Different widths for front and side trenches.
The way Walt decided to do the front gate required that we dig a wider, more shallow trench in the front than for the sides and back of the corral. The front trench had to be about 6 inches deep and 14 inches wide – deep and wide enough for large cement bricks that would be placed along the front rim, filled with concrete, and then covered with dirt to prevent the rodents from burrowing in under the gate.
Putting posts and connecting pipes in.
Step Five: Pound in posts, connect with pipes
After digging the trenches, Walt then pounded in posts on all corners and along the sides. Then he connected all the posts with pipes he scavenged from our property (we found them just laying around from a previous job) to create the framework for the metal sheeting. The pipes had to be cut to fit on site.
Stabilizing the corners.
Step Six: Construct front gate
Once the corral framework was up, Walt focused on the front gate, filling the buried bricks with concrete, and putting in the posts for the gate to swing on.
Concrete being poured in and around the bricks.
Concrete being poured around gate posts.
Hinging the pre-fabricated gate frame.
Step Seven: Attach metal sheeting to perimeter
Once the frame for the corral and front gate are assembled, you can then attach the metal sheeting to the piping. I chose metal sheeting to match the color of the garage and shed to keep it color coordinated with the accessory buildings on the property. When the metal sheeting is in place, you can then refill the trenches with the surplus dirt on both sides of the metal, tapping the dirt down with the back of the shovel to create a flat, even surface.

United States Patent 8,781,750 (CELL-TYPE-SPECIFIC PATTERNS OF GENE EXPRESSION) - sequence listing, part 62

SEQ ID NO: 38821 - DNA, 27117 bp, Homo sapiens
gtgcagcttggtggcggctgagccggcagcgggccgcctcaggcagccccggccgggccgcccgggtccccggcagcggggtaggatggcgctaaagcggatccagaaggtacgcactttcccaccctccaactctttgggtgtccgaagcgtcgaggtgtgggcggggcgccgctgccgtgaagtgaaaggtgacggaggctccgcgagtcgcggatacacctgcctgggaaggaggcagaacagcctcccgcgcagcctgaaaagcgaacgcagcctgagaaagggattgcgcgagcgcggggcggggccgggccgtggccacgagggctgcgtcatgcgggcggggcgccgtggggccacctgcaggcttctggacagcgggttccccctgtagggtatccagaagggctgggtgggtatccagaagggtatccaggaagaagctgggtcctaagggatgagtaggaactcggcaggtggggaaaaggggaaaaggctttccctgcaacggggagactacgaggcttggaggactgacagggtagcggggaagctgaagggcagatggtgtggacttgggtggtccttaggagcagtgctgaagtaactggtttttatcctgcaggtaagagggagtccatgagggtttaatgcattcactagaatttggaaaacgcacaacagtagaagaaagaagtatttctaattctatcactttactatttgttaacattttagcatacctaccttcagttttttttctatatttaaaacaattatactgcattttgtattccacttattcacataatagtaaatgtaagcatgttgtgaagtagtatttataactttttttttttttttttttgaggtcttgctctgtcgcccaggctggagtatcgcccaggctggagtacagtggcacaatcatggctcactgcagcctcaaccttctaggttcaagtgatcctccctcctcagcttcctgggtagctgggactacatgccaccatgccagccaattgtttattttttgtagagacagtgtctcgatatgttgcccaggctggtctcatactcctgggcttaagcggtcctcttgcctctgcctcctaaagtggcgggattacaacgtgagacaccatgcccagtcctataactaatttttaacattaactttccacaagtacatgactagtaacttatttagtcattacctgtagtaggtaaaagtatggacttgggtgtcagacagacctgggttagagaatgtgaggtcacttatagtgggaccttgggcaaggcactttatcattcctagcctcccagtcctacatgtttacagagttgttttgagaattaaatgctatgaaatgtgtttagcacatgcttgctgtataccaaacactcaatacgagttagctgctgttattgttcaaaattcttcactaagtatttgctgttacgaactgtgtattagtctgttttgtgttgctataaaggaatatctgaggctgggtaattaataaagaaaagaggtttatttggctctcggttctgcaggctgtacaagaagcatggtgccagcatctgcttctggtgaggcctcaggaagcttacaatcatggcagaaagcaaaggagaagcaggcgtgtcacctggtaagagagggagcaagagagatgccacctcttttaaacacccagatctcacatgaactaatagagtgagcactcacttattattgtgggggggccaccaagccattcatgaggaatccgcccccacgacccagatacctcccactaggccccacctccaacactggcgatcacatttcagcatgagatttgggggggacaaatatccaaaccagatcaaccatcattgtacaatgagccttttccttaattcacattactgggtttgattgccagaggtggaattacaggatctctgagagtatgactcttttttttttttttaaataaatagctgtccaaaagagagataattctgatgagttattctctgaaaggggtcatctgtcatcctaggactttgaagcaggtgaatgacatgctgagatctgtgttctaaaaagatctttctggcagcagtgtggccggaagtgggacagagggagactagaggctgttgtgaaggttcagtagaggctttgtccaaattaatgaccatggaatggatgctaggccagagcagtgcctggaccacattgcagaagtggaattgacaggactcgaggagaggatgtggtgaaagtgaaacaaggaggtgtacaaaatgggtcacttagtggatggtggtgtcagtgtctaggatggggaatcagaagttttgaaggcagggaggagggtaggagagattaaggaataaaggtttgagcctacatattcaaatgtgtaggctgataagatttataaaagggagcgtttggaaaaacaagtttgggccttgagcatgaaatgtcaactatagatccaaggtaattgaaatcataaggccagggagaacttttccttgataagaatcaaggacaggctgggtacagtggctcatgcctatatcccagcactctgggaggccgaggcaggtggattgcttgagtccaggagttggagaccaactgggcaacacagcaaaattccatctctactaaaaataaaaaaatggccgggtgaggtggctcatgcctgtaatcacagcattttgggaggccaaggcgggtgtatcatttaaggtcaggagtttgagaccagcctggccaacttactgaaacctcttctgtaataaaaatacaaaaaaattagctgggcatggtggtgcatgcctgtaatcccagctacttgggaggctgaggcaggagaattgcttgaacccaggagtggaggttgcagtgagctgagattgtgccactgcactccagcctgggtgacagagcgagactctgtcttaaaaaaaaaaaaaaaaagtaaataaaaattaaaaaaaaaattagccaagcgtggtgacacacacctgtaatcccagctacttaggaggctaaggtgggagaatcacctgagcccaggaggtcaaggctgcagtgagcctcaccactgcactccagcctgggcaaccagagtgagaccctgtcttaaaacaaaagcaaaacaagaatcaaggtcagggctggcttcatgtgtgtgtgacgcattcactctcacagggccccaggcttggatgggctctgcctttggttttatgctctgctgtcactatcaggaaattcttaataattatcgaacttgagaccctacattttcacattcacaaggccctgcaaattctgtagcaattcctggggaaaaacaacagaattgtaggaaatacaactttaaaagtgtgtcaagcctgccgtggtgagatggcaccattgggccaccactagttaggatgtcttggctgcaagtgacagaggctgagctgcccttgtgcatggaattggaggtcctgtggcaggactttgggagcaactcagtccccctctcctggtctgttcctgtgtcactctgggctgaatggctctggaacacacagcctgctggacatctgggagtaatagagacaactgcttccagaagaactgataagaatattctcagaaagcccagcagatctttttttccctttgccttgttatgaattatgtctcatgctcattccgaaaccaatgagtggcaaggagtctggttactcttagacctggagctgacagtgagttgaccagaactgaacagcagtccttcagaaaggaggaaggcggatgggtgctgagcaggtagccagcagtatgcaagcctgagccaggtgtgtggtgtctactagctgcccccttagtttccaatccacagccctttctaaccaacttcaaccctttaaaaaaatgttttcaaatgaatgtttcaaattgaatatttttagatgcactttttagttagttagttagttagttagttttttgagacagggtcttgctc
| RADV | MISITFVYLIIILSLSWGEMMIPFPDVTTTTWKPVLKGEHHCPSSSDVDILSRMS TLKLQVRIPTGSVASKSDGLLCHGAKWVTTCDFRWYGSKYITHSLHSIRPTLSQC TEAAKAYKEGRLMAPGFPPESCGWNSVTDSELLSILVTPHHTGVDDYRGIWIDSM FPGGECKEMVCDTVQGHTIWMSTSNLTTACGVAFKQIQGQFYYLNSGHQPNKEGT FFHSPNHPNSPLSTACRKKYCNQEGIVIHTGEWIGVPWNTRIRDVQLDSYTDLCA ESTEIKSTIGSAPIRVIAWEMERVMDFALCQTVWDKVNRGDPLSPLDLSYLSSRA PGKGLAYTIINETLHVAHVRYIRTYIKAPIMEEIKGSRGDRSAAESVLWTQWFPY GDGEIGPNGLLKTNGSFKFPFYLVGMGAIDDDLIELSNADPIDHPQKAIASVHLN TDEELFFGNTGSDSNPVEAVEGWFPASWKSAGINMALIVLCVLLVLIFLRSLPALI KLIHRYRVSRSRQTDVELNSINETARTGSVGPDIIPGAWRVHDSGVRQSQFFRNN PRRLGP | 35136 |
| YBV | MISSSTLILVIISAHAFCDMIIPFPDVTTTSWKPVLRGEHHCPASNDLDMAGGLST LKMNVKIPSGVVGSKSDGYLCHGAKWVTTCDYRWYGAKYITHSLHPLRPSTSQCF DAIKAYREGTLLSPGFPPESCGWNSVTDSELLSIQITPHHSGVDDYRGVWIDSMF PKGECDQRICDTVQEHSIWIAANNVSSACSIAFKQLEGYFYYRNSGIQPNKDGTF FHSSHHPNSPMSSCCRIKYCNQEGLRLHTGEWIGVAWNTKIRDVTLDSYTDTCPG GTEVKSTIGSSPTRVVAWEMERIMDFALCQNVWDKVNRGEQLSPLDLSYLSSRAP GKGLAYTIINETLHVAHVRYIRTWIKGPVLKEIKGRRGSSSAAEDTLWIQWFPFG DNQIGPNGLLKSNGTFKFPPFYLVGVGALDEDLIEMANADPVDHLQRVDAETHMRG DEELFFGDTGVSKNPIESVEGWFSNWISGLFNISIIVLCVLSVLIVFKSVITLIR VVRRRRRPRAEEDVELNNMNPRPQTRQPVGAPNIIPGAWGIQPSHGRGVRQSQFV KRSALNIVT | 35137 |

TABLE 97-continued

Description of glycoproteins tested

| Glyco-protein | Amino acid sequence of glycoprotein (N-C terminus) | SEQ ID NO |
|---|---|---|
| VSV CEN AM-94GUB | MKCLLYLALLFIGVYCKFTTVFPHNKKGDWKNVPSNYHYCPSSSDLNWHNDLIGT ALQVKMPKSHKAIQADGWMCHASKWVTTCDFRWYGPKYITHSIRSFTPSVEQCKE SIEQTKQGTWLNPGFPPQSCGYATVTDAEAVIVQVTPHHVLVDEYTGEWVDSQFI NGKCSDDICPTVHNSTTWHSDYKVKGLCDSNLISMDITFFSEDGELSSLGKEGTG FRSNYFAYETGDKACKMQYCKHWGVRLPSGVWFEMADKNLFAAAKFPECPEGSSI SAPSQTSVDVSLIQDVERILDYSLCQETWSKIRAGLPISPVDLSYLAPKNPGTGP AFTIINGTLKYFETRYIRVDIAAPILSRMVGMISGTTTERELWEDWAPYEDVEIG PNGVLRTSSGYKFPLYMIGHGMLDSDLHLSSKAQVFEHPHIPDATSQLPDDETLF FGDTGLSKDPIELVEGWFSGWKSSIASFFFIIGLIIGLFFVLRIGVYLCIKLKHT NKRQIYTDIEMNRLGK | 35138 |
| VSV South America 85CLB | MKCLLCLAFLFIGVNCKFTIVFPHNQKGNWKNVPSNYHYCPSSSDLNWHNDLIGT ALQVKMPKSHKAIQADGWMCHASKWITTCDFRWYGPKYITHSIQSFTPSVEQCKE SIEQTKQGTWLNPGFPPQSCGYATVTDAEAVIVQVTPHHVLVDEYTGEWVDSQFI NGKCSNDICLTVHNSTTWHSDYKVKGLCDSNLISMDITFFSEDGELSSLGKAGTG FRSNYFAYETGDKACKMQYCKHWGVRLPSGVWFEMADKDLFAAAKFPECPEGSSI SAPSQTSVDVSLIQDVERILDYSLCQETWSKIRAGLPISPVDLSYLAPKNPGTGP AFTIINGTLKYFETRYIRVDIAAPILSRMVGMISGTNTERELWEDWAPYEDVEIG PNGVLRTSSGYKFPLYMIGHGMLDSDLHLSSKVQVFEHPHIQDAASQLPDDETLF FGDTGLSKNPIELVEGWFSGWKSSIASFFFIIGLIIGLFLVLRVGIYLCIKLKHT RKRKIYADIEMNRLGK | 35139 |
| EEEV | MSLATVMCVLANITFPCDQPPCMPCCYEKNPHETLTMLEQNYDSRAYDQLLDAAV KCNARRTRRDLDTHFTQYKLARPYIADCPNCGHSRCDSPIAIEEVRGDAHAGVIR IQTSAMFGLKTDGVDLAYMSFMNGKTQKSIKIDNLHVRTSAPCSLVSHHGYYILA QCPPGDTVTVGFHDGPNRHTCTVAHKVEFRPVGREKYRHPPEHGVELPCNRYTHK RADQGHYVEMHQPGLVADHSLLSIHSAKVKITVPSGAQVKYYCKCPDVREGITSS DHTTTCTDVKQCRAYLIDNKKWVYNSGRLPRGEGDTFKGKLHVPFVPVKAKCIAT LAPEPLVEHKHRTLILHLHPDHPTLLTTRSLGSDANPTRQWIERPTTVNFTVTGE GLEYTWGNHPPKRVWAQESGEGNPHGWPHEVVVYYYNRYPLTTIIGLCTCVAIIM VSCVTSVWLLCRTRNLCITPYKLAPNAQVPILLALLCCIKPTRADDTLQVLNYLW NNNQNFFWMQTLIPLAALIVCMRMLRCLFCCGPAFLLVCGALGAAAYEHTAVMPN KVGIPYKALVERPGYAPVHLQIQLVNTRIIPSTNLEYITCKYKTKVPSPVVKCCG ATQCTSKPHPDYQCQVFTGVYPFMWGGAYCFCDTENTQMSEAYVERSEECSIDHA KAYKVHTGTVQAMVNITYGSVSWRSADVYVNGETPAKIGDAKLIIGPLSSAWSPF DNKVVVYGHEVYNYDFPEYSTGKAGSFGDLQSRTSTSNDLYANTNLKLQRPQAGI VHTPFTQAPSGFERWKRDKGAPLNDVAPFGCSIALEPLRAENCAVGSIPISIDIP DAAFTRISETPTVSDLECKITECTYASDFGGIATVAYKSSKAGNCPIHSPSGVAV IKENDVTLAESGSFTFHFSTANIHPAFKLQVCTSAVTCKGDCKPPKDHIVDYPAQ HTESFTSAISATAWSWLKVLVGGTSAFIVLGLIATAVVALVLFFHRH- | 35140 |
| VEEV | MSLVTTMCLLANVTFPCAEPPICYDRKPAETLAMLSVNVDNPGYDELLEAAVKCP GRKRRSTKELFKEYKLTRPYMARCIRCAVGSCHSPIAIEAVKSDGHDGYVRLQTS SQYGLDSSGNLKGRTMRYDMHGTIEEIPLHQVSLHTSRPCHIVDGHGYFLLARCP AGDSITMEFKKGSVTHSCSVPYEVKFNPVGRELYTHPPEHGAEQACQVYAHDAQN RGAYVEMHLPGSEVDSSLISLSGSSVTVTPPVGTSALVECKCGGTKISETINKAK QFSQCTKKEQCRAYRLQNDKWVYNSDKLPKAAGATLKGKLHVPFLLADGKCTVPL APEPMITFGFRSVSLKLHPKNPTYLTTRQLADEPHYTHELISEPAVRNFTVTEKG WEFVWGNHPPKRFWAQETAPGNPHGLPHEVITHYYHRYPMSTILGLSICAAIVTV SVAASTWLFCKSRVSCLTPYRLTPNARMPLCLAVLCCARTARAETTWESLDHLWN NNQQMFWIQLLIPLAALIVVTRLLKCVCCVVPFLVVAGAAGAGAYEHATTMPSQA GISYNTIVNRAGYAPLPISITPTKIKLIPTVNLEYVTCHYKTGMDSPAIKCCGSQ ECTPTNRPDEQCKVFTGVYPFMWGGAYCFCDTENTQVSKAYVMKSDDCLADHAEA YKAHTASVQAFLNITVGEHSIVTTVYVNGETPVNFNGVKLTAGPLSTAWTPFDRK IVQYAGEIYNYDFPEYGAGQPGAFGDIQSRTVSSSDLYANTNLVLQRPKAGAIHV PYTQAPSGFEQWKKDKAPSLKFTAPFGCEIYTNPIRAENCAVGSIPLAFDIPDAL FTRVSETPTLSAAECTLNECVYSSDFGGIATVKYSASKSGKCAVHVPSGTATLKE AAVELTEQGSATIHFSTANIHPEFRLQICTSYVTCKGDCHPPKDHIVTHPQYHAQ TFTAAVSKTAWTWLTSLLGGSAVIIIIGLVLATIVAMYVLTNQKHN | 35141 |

Finished car corral with gate open.
Step Eight: Front gate details
Your worker will have to decide what sort of handle to put on the gate to open it with, how to keep it in a closed position, and what sort of poles and chains to use to keep the gate in “open” position, etc. Here is what Walt did:
Chain and pole for keeping gate in “open” position.
This car corral is really a work of art in how well it is constructed and how well it keeps critters out. I am so thankful for Walt’s ingenuity and attention to detail. He is a real pro at figuring out ways to avoid using solvents, glues, and other chemicals to get the job done for those of us with chemical sensitivities. I hope my sharing this will help others to build their own car corrals and save their cars from rodent damage.
Finished car corral.
A few weeks after the car corral was completed, a sunflower began to grow. Somehow, it seemed symbolic – nature’s way of blessing my new car home.
Sunflower in car corral.
Disclaimer: The above materials, costs, and steps taken to build this car corral are approximations and should not be taken literally. If you decide to build your own car corral, please work out all details with the person building your corral. My article should be used as a guide or for inspiration only.